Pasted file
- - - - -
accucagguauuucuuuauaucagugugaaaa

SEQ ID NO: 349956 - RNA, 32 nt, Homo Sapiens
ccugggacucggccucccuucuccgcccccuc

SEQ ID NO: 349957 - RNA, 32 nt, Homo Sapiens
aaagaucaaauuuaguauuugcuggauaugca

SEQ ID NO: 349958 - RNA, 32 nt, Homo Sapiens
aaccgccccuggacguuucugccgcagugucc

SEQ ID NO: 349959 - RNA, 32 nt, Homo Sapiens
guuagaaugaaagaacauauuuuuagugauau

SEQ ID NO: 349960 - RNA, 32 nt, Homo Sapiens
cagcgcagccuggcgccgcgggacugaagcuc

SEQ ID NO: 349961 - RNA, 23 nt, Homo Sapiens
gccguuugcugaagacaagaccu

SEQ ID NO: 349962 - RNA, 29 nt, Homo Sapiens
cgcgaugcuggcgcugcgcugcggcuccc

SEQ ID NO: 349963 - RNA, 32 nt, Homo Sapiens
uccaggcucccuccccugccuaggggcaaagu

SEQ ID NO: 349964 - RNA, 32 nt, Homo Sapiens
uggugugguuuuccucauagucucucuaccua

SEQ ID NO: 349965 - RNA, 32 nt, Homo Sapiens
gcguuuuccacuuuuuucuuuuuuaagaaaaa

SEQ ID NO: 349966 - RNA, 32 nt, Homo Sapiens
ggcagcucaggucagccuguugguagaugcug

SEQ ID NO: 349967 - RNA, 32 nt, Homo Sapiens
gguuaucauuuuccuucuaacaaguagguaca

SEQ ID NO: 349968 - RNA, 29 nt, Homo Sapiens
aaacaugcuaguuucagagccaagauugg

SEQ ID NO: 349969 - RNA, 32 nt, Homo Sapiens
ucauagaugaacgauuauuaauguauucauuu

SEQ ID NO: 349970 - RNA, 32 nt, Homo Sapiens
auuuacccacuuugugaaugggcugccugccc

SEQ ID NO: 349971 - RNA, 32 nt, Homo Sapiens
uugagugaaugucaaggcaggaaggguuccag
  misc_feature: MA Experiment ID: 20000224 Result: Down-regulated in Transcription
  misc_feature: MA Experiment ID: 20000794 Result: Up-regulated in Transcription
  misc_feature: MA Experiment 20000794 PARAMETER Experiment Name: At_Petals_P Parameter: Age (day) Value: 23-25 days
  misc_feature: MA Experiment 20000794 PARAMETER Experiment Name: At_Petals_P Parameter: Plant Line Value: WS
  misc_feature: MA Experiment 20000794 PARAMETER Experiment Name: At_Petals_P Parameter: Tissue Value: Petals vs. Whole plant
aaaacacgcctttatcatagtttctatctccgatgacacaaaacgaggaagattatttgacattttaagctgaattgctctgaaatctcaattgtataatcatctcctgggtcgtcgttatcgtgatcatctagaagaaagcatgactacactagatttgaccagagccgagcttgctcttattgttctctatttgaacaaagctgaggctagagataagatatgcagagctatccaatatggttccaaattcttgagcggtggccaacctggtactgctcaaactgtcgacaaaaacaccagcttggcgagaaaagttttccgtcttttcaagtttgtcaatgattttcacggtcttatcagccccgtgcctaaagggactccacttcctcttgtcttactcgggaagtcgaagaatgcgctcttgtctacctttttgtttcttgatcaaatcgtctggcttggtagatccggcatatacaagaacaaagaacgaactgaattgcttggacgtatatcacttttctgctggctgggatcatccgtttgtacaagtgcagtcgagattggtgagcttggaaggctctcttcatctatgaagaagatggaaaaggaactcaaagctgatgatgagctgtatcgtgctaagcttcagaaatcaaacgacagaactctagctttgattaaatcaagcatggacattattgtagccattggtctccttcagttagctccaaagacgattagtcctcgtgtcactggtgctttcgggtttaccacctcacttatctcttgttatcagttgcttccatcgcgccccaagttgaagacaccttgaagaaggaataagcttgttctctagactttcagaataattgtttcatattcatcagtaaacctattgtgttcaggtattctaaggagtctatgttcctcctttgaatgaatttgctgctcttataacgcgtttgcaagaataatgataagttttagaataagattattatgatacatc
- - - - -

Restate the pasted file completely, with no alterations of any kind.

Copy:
accucagguauuucuuuauaucagugugaaaa

SEQ ID NO: 349956 - RNA, 32 nt, Homo Sapiens
ccugggacucggccucccuucuccgcccccuc

SEQ ID NO: 349957 - RNA, 32 nt, Homo Sapiens
aaagaucaaauuuaguauuugcuggauaugca

SEQ ID NO: 349958 - RNA, 32 nt, Homo Sapiens
aaccgccccuggacguuucugccgcagugucc

SEQ ID NO: 349959 - RNA, 32 nt, Homo Sapiens
guuagaaugaaagaacauauuuuuagugauau

SEQ ID NO: 349960 - RNA, 32 nt, Homo Sapiens
cagcgcagccuggcgccgcgggacugaagcuc

SEQ ID NO: 349961 - RNA, 23 nt, Homo Sapiens
gccguuugcugaagacaagaccu

SEQ ID NO: 349962 - RNA, 29 nt, Homo Sapiens
cgcgaugcuggcgcugcgcugcggcuccc

SEQ ID NO: 349963 - RNA, 32 nt, Homo Sapiens
uccaggcucccuccccugccuaggggcaaagu

SEQ ID NO: 349964 - RNA, 32 nt, Homo Sapiens
uggugugguuuuccucauagucucucuaccua

SEQ ID NO: 349965 - RNA, 32 nt, Homo Sapiens
gcguuuuccacuuuuuucuuuuuuaagaaaaa

SEQ ID NO: 349966 - RNA, 32 nt, Homo Sapiens
ggcagcucaggucagccuguugguagaugcug

SEQ ID NO: 349967 - RNA, 32 nt, Homo Sapiens
gguuaucauuuuccuucuaacaaguagguaca

SEQ ID NO: 349968 - RNA, 29 nt, Homo Sapiens
aaacaugcuaguuucagagccaagauugg

SEQ ID NO: 349969 - RNA, 32 nt, Homo Sapiens
ucauagaugaacgauuauuaauguauucauuu

SEQ ID NO: 349970 - RNA, 32 nt, Homo Sapiens
auuuacccacuuugugaaugggcugccugccc

SEQ ID NO: 349971 - RNA, 32 nt, Homo Sapiens
uugagugaaugucaaggcaggaaggguuccag
  misc_feature: MA Experiment ID: 20000224 Result: Down-regulated in Transcription
  misc_feature: MA Experiment ID: 20000794 Result: Up-regulated in Transcription
  misc_feature: MA Experiment 20000794 PARAMETER Experiment Name: At_Petals_P Parameter: Age (day) Value: 23-25 days
  misc_feature: MA Experiment 20000794 PARAMETER Experiment Name: At_Petals_P Parameter: Plant Line Value: WS
  misc_feature: MA Experiment 20000794 PARAMETER Experiment Name: At_Petals_P Parameter: Tissue Value: Petals vs. Whole plant
aaaacacgcctttatcatagtttctatctccgatgacacaaaacgaggaagattatttgacattttaagctgaattgctctgaaatctcaattgtataatcatctcctgggtcgtcgttatcgtgatcatctagaagaaagcatgactacactagatttgaccagagccgagcttgctcttattgttctctatttgaacaaagctgaggctagagataagatatgcagagctatccaatatggttccaaattcttgagcggtggccaacctggtactgctcaaactgtcgacaaaaacaccagcttggcgagaaaagttttccgtcttttcaagtttgtcaatgattttcacggtcttatcagccccgtgcctaaagggactccacttcctcttgtcttactcgggaagtcgaagaatgcgctcttgtctacctttttgtttcttgatcaaatcgtctggcttggtagatccggcatatacaagaacaaagaacgaactgaattgcttggacgtatatcacttttctgctggctgggatcatccgtttgtacaagtgcagtcgagattggtgagcttggaaggctctcttcatctatgaagaagatggaaaaggaactcaaagctgatgatgagctgtatcgtgctaagcttcagaaatcaaacgacagaactctagctttgattaaatcaagcatggacattattgtagccattggtctccttcagttagctccaaagacgattagtcctcgtgtcactggtgctttcgggtttaccacctcacttatctcttgttatcagttgcttccatcgcgccccaagttgaagacaccttgaagaaggaataagcttgttctctagactttcagaataattgtttcatattcatcagtaaacctattgtgttcaggtattctaaggagtctatgttcctcctttgaatgaatttgctgctcttataacgcgtttgcaagaataatgataagttttagaataagattattatgatacatc